This week, the Chicago company unveiled the Boeing Black, a sleek and spy-worthy handset it says was "designed with security and modularity in mind." That security extends from the external casing – which Reuters reports is sealed with epoxy and screws, "the heads of which are covered with tamper proof covering to identify attempted disassembly" – to the hardware under the hood.
The Black will accept two SIM cards, making it easier to tap into different networks, and the phone can run on WCDMA, GSM, and LTE bands. In addition, Boeing says users will be able to add biometric sensors for additional security. But the feature that has garnered the most attention, perhaps because of its similarity to a certain "Mission Impossible" self-destructing tape, is the phone's ability to brick itself completely.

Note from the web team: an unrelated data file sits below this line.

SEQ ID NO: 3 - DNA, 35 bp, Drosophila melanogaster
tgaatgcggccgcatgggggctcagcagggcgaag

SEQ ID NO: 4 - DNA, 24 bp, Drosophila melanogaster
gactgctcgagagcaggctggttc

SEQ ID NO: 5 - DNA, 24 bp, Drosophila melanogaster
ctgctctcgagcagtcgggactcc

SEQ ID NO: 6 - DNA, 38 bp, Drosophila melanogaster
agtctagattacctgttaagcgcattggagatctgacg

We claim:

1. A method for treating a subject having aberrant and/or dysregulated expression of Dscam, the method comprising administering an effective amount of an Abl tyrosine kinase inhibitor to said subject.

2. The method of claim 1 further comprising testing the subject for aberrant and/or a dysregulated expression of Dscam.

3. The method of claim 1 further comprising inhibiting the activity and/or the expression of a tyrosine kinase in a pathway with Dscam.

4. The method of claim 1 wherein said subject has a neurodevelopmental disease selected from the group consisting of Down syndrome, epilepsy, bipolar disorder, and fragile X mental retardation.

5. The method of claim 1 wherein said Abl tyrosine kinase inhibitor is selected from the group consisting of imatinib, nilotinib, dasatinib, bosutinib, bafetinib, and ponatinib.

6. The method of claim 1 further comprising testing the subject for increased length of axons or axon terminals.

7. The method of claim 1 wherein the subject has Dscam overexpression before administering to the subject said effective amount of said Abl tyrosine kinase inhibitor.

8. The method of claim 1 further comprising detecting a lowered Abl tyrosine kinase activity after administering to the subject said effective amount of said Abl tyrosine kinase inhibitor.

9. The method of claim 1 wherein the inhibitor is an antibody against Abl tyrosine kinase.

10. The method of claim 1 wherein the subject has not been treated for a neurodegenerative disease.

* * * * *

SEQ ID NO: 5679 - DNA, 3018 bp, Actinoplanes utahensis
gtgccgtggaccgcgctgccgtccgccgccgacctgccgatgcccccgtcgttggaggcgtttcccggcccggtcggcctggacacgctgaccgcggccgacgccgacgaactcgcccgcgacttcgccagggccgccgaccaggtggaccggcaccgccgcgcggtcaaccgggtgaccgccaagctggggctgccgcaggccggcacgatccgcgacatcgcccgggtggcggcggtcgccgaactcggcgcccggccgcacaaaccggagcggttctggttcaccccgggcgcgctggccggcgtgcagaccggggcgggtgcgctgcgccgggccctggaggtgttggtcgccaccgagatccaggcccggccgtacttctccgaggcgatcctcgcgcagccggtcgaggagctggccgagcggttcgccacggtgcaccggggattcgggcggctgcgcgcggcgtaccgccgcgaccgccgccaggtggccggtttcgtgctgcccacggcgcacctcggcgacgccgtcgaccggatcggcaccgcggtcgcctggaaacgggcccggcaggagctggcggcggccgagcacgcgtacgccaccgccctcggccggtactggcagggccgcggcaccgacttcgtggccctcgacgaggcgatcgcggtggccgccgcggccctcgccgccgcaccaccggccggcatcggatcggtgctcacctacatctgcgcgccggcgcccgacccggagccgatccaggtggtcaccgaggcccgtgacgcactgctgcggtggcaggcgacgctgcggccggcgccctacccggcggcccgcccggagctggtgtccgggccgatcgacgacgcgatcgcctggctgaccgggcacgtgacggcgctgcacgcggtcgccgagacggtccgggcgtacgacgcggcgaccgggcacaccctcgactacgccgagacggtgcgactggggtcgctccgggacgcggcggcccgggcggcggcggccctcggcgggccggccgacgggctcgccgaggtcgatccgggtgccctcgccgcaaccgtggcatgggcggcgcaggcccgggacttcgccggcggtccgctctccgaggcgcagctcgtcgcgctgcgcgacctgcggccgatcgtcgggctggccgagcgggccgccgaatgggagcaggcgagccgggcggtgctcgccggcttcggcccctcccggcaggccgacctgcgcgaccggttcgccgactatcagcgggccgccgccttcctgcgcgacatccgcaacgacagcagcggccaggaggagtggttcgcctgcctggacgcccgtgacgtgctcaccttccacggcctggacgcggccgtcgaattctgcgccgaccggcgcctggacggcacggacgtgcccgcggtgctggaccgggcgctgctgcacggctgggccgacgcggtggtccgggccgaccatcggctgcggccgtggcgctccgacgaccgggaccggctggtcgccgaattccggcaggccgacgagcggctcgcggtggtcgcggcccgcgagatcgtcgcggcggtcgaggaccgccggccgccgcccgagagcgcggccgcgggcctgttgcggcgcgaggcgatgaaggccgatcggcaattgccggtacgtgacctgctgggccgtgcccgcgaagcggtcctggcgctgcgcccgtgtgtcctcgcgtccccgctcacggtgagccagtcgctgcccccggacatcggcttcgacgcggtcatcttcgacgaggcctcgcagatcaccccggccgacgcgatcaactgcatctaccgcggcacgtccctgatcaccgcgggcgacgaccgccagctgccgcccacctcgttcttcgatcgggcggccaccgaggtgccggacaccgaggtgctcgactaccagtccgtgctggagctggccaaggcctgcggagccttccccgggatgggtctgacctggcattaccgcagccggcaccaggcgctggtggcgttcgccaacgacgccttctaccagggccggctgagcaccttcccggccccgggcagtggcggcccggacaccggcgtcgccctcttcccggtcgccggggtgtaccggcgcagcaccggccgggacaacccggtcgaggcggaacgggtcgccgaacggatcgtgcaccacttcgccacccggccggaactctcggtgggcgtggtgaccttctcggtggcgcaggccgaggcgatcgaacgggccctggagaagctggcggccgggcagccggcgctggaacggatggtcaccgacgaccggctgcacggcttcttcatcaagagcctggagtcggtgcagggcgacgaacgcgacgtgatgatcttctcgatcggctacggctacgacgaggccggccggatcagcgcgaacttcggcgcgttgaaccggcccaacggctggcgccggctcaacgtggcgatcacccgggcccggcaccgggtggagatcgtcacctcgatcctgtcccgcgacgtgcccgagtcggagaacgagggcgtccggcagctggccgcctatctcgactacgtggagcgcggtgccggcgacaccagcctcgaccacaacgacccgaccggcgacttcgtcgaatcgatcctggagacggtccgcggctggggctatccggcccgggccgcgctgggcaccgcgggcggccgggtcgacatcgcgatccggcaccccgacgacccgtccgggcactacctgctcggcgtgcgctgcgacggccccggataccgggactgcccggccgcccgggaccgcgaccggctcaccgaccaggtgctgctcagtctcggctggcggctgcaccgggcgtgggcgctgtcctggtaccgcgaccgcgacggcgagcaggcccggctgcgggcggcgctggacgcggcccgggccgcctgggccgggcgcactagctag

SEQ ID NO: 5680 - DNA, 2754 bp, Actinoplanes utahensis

"Any attempt to break open the casing of the device would trigger functions that would delete the data and software contained within the device and make the device inoperable," Boeing wrote in documents filed with the FCC.
Interested in getting your hands on a Boeing Black? Well, you'll have to be patient – neither a price nor a launch date have been announced.
In related news, Apple has released an OS X patch for the so-called "gotofail" flaw, which made it possible for hackers to remotely weasel their way into some Apple desktops and laptops. That fix comes several days after Apple acknowledged there were holes in the security of both the OS X and iOS operating systems. For more on the latter – and for information on how to make sure your Apple device has the latest software – click here.